Youth Sport Uganda and their experiences of the pandemic
Every year, we mark World Refugee Day on 20th June. It is a day to celebrate the strength and courage of people who have been forced to flee and is an occasion to build empathy and an understanding of their plight and resilience. In these times, displaced populations are especially at risk. Sport has been known to play a positive role in the lives of displaced populations, and these organisations have been a crucial part of this movement around sport and refugees. This year, we want to recognise the efforts of organisations working with refugees, as well as highlighting how the pandemic has affected lives of displaced people.
To mark World Refugee Day this year, sportanddev reached out to organisations across the globe who are working with and for refugees. These organisations operate in different regions across Africa, South America and Europe. This article on Youth Sport Uganda’s work is part of the series of articles sharing the stories of these organisations and how they have been affected.
Working in Uganda, Youth Sport Uganda (YSU) is sports for development organization established in 2006 with a mission to offer educational, health and life skills opportunities to vulnerable youths among the Internally Displaced Persons (IDPs) and Urban refugees in Uganda through harnessing the power of sports. Over the years, they have reached over 30,000 youths through their various programs in 57 schools and 5 communities using 124 trained coaches. They work with a wide variety of stakeholders, including work with Ministry of Education and Sports, Ministry of Health, and Local Governments among others to deliver programs in the sectors of psychosocial, mental health, protection, health, livelihoods, water and sanitation and education.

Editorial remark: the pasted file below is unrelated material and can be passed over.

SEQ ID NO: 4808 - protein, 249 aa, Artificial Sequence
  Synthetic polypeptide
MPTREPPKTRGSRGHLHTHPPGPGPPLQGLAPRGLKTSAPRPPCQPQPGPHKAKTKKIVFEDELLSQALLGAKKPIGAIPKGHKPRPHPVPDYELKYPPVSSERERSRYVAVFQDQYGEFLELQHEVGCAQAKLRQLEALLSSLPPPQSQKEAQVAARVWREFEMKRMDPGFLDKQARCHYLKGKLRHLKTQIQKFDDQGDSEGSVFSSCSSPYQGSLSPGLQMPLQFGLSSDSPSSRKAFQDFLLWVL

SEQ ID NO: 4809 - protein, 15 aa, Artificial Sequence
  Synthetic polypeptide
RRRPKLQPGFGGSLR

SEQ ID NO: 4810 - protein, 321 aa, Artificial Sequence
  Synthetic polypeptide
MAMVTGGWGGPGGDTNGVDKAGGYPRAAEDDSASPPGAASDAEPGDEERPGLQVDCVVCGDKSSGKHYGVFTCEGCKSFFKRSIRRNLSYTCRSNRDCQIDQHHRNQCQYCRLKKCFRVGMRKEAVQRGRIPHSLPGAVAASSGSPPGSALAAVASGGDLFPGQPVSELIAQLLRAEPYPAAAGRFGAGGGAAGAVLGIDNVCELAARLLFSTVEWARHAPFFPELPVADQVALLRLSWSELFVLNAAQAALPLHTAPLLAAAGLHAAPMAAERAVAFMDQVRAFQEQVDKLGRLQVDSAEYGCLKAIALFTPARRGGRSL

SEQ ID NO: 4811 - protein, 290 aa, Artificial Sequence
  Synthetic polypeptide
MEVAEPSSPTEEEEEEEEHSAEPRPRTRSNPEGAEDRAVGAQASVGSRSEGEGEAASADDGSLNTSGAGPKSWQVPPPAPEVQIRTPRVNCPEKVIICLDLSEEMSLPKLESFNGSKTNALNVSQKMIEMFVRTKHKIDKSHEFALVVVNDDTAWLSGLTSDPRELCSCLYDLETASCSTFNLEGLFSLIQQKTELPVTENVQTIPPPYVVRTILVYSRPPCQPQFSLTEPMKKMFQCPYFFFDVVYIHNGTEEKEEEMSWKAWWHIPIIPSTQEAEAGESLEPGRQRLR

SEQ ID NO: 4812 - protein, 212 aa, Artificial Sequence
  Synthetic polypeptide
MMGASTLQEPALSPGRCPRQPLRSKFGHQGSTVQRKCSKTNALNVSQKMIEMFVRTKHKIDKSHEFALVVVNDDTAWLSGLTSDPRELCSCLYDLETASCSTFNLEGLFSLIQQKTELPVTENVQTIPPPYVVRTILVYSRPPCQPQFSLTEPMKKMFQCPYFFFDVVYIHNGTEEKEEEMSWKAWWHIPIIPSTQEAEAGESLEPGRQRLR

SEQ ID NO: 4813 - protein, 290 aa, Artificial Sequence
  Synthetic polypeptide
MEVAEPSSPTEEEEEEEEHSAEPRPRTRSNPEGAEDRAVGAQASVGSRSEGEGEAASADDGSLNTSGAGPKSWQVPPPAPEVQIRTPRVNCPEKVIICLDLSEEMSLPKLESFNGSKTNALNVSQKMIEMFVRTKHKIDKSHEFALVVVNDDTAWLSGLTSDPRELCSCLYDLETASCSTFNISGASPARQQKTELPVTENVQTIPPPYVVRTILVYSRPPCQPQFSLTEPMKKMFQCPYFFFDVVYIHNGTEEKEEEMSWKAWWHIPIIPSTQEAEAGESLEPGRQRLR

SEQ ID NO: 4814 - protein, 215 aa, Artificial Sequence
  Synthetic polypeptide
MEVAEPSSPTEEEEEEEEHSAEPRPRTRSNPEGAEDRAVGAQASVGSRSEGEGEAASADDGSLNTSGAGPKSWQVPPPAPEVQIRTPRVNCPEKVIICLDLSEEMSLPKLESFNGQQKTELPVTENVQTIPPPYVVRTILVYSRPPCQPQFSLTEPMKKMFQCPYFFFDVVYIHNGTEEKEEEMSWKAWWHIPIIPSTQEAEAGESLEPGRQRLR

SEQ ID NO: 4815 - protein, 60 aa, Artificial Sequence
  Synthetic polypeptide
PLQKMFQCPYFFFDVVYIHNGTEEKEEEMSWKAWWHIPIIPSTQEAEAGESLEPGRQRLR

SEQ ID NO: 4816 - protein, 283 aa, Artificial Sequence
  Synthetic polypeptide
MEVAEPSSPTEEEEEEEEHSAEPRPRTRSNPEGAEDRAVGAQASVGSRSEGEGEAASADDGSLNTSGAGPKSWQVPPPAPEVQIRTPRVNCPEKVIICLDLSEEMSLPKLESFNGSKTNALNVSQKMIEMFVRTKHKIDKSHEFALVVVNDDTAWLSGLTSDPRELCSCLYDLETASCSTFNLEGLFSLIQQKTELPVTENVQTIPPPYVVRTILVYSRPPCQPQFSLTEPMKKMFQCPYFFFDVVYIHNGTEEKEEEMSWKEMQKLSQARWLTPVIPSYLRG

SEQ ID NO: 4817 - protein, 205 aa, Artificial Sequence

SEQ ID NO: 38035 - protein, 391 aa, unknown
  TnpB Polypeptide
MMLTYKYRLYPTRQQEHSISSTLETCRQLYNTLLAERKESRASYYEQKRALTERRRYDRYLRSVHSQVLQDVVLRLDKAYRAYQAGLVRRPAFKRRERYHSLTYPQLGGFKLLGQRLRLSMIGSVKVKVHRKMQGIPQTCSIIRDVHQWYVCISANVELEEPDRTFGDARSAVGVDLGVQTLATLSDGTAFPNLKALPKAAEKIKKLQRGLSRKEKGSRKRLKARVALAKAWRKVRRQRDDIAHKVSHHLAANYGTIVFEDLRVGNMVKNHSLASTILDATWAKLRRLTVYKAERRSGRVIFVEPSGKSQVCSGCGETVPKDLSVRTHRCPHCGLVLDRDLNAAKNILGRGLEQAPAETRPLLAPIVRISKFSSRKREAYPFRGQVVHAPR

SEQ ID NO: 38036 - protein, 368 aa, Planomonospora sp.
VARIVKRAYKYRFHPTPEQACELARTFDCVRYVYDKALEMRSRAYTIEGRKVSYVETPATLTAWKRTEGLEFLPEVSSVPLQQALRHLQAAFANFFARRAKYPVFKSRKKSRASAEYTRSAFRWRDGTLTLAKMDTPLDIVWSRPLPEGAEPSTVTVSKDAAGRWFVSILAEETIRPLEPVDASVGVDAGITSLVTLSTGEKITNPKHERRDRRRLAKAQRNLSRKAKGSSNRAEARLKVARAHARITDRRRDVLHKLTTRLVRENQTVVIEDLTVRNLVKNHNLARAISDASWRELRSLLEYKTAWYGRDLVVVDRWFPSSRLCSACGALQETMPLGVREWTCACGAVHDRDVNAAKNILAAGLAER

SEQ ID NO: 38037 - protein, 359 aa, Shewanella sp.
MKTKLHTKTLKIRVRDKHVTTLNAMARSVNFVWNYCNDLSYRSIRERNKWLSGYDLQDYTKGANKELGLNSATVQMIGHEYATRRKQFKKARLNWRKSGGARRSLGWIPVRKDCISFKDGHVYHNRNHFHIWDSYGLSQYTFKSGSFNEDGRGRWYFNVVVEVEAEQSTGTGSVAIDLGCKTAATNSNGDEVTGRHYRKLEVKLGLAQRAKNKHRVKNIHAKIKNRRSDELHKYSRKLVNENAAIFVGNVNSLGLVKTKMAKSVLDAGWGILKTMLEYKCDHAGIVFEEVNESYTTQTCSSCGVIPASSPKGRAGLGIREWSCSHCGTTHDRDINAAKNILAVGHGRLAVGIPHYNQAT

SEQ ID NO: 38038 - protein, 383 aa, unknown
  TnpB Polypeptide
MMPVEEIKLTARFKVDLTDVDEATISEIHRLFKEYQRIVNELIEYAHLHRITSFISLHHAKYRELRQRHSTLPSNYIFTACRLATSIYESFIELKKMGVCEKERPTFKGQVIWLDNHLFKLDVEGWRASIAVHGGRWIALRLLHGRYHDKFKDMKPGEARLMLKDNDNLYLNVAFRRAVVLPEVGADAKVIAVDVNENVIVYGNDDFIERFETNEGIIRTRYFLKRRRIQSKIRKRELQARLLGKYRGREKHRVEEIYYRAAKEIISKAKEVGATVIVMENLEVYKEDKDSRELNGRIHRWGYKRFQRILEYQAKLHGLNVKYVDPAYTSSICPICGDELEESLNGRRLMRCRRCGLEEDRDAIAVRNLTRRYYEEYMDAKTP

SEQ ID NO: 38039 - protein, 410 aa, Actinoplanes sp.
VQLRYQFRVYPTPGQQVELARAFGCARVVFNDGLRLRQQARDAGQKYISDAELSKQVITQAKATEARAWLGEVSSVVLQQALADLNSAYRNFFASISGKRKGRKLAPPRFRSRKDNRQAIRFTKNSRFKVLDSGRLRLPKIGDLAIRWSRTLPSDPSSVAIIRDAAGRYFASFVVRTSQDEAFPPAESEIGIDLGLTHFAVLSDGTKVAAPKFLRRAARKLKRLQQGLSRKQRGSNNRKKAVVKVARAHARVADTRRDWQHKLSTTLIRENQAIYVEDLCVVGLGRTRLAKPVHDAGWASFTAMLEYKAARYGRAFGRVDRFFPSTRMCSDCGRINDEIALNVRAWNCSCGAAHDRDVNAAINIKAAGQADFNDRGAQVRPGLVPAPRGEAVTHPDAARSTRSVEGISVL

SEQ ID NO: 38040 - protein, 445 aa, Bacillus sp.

What work do they do with refugees?
They have a host of programmes working with IDPs and urban refugees and have also been recognised by the United Nations Refugee Agency (UNHCR) for the work they have done. They have three different programmes for displaced populations:
- Football for WASH: In our Football 4 WASH program; we use the power of football to influence behaviour in the field of water, sanitation & hygiene (WASH) among school going boys and girls. YSU has formed WASH clubs in schools around Kitintale and Naguru slums and teachers are appointed as Patrons of these clubs. These WASH clubs carry out bi-weekly football and hygiene activities to spread the WASH messages.
- Football3: Football3 addresses a range of social topics, such as gender equality, health and cohesion. It empowers young people to take responsibility for their actions and treat others fairly. They learn the value of communication and mutual respect, both on and off the pitch.
- Skills Development: YSU uses Football-based programmes to provide an opportunity to address young adults struggling to enter the job market and help them through education, activities to improve job-seeking skills, vocational training and personal development programmes.
How has the pandemic affected their work?
In Uganda, the impact of COVID-19 on the livelihoods of these refugees is already visible, as access to income generation for refugees has severely decreased. Refugees working as daily labourers in the low-skill informal service industry have been hit hard by the economic downturn, movement restrictions and loss of consumers. According to YSU, “there is increased depression, tension and uncertainty among these refugees, greatly affecting their cohesion with the host communities thus need for more support to the IDPs and Urban refugees. This has greatly affected the approach of our programmes and since we cannot engage the refugees in active sports activities, most of our programmes have had to be re-tailored to suit the conditions of the pandemic.”
The measures that the [Ugandan] Government has introduced to help contain the spread of the virus such as a mandatory lockdown and restrictions on movements, closure of schools, sports facilities and markets, and social distancing have greatly impacted the urban refugees and host communities, leading to severe mental health problems. Looking ahead, “YSU now has to factor these challenges when designing programmes that will help refugees deal with life after the pandemic. We also have to deliver programmes that will help these refugees keep safe, and yet stay active. Their mental health and psychosocial wellbeing is most at stake and we hope that we can give more effort towards improving it.”
What does World Refugee Day mean to them?
For YSU, the World Refugee Day is an opportunity “to draw peoples ‘attention towards refugees and IDPs. It gives us a chance to celebrate their courage and also recognize their needs. It also brings to the forefront our mission which is to empower the most vulnerable people in our communities, because we know that within each one of us is a potential to be great.”